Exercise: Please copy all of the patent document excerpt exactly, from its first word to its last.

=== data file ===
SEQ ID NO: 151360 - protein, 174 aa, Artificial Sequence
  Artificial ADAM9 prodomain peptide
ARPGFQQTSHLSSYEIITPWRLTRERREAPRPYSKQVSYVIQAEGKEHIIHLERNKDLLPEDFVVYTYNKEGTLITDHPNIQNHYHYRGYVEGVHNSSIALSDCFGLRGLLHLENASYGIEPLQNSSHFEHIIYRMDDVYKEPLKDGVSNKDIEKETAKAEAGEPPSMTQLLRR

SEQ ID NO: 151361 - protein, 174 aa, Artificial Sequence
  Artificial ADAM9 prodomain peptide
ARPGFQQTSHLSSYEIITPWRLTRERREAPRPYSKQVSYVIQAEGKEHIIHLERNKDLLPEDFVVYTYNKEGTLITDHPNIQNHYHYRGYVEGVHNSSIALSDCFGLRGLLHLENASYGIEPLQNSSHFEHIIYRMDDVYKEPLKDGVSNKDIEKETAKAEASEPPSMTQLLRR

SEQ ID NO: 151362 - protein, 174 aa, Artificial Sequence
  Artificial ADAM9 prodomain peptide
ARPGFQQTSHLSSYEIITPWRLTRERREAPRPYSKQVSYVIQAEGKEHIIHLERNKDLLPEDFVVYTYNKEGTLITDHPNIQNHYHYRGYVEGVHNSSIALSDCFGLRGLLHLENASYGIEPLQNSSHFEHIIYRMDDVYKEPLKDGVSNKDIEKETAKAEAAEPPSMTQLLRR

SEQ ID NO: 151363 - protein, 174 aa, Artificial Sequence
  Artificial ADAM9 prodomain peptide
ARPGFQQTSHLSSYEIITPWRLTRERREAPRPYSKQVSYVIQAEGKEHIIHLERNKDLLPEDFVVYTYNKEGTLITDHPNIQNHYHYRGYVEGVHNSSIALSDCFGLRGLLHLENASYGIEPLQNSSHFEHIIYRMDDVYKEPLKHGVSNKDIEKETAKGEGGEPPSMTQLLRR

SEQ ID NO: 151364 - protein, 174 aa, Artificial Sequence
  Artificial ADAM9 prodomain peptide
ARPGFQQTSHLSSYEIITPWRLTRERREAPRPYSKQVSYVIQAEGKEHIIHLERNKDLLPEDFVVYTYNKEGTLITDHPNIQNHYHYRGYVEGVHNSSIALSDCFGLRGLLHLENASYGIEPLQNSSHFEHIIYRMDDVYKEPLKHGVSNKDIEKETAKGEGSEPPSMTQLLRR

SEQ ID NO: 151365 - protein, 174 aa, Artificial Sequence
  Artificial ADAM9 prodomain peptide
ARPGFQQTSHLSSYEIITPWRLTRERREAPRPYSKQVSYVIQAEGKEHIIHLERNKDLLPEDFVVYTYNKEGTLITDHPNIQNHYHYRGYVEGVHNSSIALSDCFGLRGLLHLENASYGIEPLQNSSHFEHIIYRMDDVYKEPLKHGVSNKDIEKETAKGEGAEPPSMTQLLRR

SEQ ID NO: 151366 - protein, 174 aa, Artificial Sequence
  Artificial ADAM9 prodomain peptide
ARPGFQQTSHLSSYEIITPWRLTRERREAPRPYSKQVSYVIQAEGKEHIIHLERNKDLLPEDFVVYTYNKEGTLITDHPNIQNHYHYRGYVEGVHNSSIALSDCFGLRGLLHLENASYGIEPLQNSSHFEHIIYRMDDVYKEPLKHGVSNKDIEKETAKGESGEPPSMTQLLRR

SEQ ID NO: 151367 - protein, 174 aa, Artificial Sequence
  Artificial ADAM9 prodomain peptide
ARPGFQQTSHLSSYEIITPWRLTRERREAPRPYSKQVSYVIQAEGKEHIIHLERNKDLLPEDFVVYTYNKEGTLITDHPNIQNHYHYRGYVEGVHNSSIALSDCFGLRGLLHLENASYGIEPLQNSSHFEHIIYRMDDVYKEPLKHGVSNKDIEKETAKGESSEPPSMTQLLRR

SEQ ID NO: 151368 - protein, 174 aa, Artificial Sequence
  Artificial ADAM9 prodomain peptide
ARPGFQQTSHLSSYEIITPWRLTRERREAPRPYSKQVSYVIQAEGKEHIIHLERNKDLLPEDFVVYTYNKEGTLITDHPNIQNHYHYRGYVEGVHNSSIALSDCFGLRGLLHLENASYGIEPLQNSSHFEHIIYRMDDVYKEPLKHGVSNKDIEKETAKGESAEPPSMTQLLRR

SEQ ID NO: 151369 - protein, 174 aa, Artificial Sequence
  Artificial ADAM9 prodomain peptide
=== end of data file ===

SEQ ID NO: 151360 - protein, 174 aa, Artificial Sequence
  Artificial ADAM9 prodomain peptide
ARPGFQQTSHLSSYEIITPWRLTRERREAPRPYSKQVSYVIQAEGKEHIIHLERNKDLLPEDFVVYTYNKEGTLITDHPNIQNHYHYRGYVEGVHNSSIALSDCFGLRGLLHLENASYGIEPLQNSSHFEHIIYRMDDVYKEPLKDGVSNKDIEKETAKAEAGEPPSMTQLLRR

SEQ ID NO: 151361 - protein, 174 aa, Artificial Sequence
  Artificial ADAM9 prodomain peptide
ARPGFQQTSHLSSYEIITPWRLTRERREAPRPYSKQVSYVIQAEGKEHIIHLERNKDLLPEDFVVYTYNKEGTLITDHPNIQNHYHYRGYVEGVHNSSIALSDCFGLRGLLHLENASYGIEPLQNSSHFEHIIYRMDDVYKEPLKDGVSNKDIEKETAKAEASEPPSMTQLLRR

SEQ ID NO: 151362 - protein, 174 aa, Artificial Sequence
  Artificial ADAM9 prodomain peptide
ARPGFQQTSHLSSYEIITPWRLTRERREAPRPYSKQVSYVIQAEGKEHIIHLERNKDLLPEDFVVYTYNKEGTLITDHPNIQNHYHYRGYVEGVHNSSIALSDCFGLRGLLHLENASYGIEPLQNSSHFEHIIYRMDDVYKEPLKDGVSNKDIEKETAKAEAAEPPSMTQLLRR

SEQ ID NO: 151363 - protein, 174 aa, Artificial Sequence
  Artificial ADAM9 prodomain peptide
ARPGFQQTSHLSSYEIITPWRLTRERREAPRPYSKQVSYVIQAEGKEHIIHLERNKDLLPEDFVVYTYNKEGTLITDHPNIQNHYHYRGYVEGVHNSSIALSDCFGLRGLLHLENASYGIEPLQNSSHFEHIIYRMDDVYKEPLKHGVSNKDIEKETAKGEGGEPPSMTQLLRR

SEQ ID NO: 151364 - protein, 174 aa, Artificial Sequence
  Artificial ADAM9 prodomain peptide
ARPGFQQTSHLSSYEIITPWRLTRERREAPRPYSKQVSYVIQAEGKEHIIHLERNKDLLPEDFVVYTYNKEGTLITDHPNIQNHYHYRGYVEGVHNSSIALSDCFGLRGLLHLENASYGIEPLQNSSHFEHIIYRMDDVYKEPLKHGVSNKDIEKETAKGEGSEPPSMTQLLRR

SEQ ID NO: 151365 - protein, 174 aa, Artificial Sequence
  Artificial ADAM9 prodomain peptide
ARPGFQQTSHLSSYEIITPWRLTRERREAPRPYSKQVSYVIQAEGKEHIIHLERNKDLLPEDFVVYTYNKEGTLITDHPNIQNHYHYRGYVEGVHNSSIALSDCFGLRGLLHLENASYGIEPLQNSSHFEHIIYRMDDVYKEPLKHGVSNKDIEKETAKGEGAEPPSMTQLLRR

SEQ ID NO: 151366 - protein, 174 aa, Artificial Sequence
  Artificial ADAM9 prodomain peptide
ARPGFQQTSHLSSYEIITPWRLTRERREAPRPYSKQVSYVIQAEGKEHIIHLERNKDLLPEDFVVYTYNKEGTLITDHPNIQNHYHYRGYVEGVHNSSIALSDCFGLRGLLHLENASYGIEPLQNSSHFEHIIYRMDDVYKEPLKHGVSNKDIEKETAKGESGEPPSMTQLLRR

SEQ ID NO: 151367 - protein, 174 aa, Artificial Sequence
  Artificial ADAM9 prodomain peptide
ARPGFQQTSHLSSYEIITPWRLTRERREAPRPYSKQVSYVIQAEGKEHIIHLERNKDLLPEDFVVYTYNKEGTLITDHPNIQNHYHYRGYVEGVHNSSIALSDCFGLRGLLHLENASYGIEPLQNSSHFEHIIYRMDDVYKEPLKHGVSNKDIEKETAKGESSEPPSMTQLLRR

SEQ ID NO: 151368 - protein, 174 aa, Artificial Sequence
  Artificial ADAM9 prodomain peptide
ARPGFQQTSHLSSYEIITPWRLTRERREAPRPYSKQVSYVIQAEGKEHIIHLERNKDLLPEDFVVYTYNKEGTLITDHPNIQNHYHYRGYVEGVHNSSIALSDCFGLRGLLHLENASYGIEPLQNSSHFEHIIYRMDDVYKEPLKHGVSNKDIEKETAKGESAEPPSMTQLLRR

SEQ ID NO: 151369 - protein, 174 aa, Artificial Sequence
  Artificial ADAM9 prodomain peptide